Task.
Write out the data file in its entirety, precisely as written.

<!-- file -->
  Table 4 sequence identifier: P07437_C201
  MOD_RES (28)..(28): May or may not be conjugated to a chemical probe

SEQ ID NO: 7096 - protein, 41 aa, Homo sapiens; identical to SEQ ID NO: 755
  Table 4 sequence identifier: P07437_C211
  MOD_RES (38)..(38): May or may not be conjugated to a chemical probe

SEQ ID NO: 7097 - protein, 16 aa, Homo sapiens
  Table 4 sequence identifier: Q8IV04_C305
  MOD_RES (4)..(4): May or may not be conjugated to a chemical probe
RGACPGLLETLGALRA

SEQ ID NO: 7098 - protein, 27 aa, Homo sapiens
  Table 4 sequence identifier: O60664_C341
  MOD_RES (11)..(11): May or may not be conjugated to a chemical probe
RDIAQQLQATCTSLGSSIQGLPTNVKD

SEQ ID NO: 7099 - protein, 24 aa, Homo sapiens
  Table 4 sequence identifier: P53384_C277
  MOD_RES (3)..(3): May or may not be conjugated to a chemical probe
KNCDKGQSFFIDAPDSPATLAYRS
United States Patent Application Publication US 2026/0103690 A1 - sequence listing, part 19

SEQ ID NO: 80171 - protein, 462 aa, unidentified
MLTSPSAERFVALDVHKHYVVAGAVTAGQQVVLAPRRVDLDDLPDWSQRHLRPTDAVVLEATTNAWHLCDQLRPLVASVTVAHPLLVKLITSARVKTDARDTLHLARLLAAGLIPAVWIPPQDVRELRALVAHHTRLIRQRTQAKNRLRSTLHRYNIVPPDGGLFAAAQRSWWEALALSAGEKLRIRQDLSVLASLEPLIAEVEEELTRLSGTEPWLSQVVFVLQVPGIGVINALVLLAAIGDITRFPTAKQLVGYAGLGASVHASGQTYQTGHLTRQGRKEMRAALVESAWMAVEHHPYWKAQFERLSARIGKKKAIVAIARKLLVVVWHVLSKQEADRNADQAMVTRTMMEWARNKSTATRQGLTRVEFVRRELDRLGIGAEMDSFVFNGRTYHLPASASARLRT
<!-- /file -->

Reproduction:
  Table 4 sequence identifier: P07437_C201
  MOD_RES (28)..(28): May or may not be conjugated to a chemical probe

SEQ ID NO: 7096 - protein, 41 aa, Homo sapiens; identical to SEQ ID NO: 755
  Table 4 sequence identifier: P07437_C211
  MOD_RES (38)..(38): May or may not be conjugated to a chemical probe

SEQ ID NO: 7097 - protein, 16 aa, Homo sapiens
  Table 4 sequence identifier: Q8IV04_C305
  MOD_RES (4)..(4): May or may not be conjugated to a chemical probe
RGACPGLLETLGALRA

SEQ ID NO: 7098 - protein, 27 aa, Homo sapiens
  Table 4 sequence identifier: O60664_C341
  MOD_RES (11)..(11): May or may not be conjugated to a chemical probe
RDIAQQLQATCTSLGSSIQGLPTNVKD

SEQ ID NO: 7099 - protein, 24 aa, Homo sapiens
  Table 4 sequence identifier: P53384_C277
  MOD_RES (3)..(3): May or may not be conjugated to a chemical probe
KNCDKGQSFFIDAPDSPATLAYRS
United States Patent Application Publication US 2026/0103690 A1 - sequence listing, part 19

SEQ ID NO: 80171 - protein, 462 aa, unidentified
MLTSPSAERFVALDVHKHYVVAGAVTAGQQVVLAPRRVDLDDLPDWSQRHLRPTDAVVLEATTNAWHLCDQLRPLVASVTVAHPLLVKLITSARVKTDARDTLHLARLLAAGLIPAVWIPPQDVRELRALVAHHTRLIRQRTQAKNRLRSTLHRYNIVPPDGGLFAAAQRSWWEALALSAGEKLRIRQDLSVLASLEPLIAEVEEELTRLSGTEPWLSQVVFVLQVPGIGVINALVLLAAIGDITRFPTAKQLVGYAGLGASVHASGQTYQTGHLTRQGRKEMRAALVESAWMAVEHHPYWKAQFERLSARIGKKKAIVAIARKLLVVVWHVLSKQEADRNADQAMVTRTMMEWARNKSTATRQGLTRVEFVRRELDRLGIGAEMDSFVFNGRTYHLPASASARLRT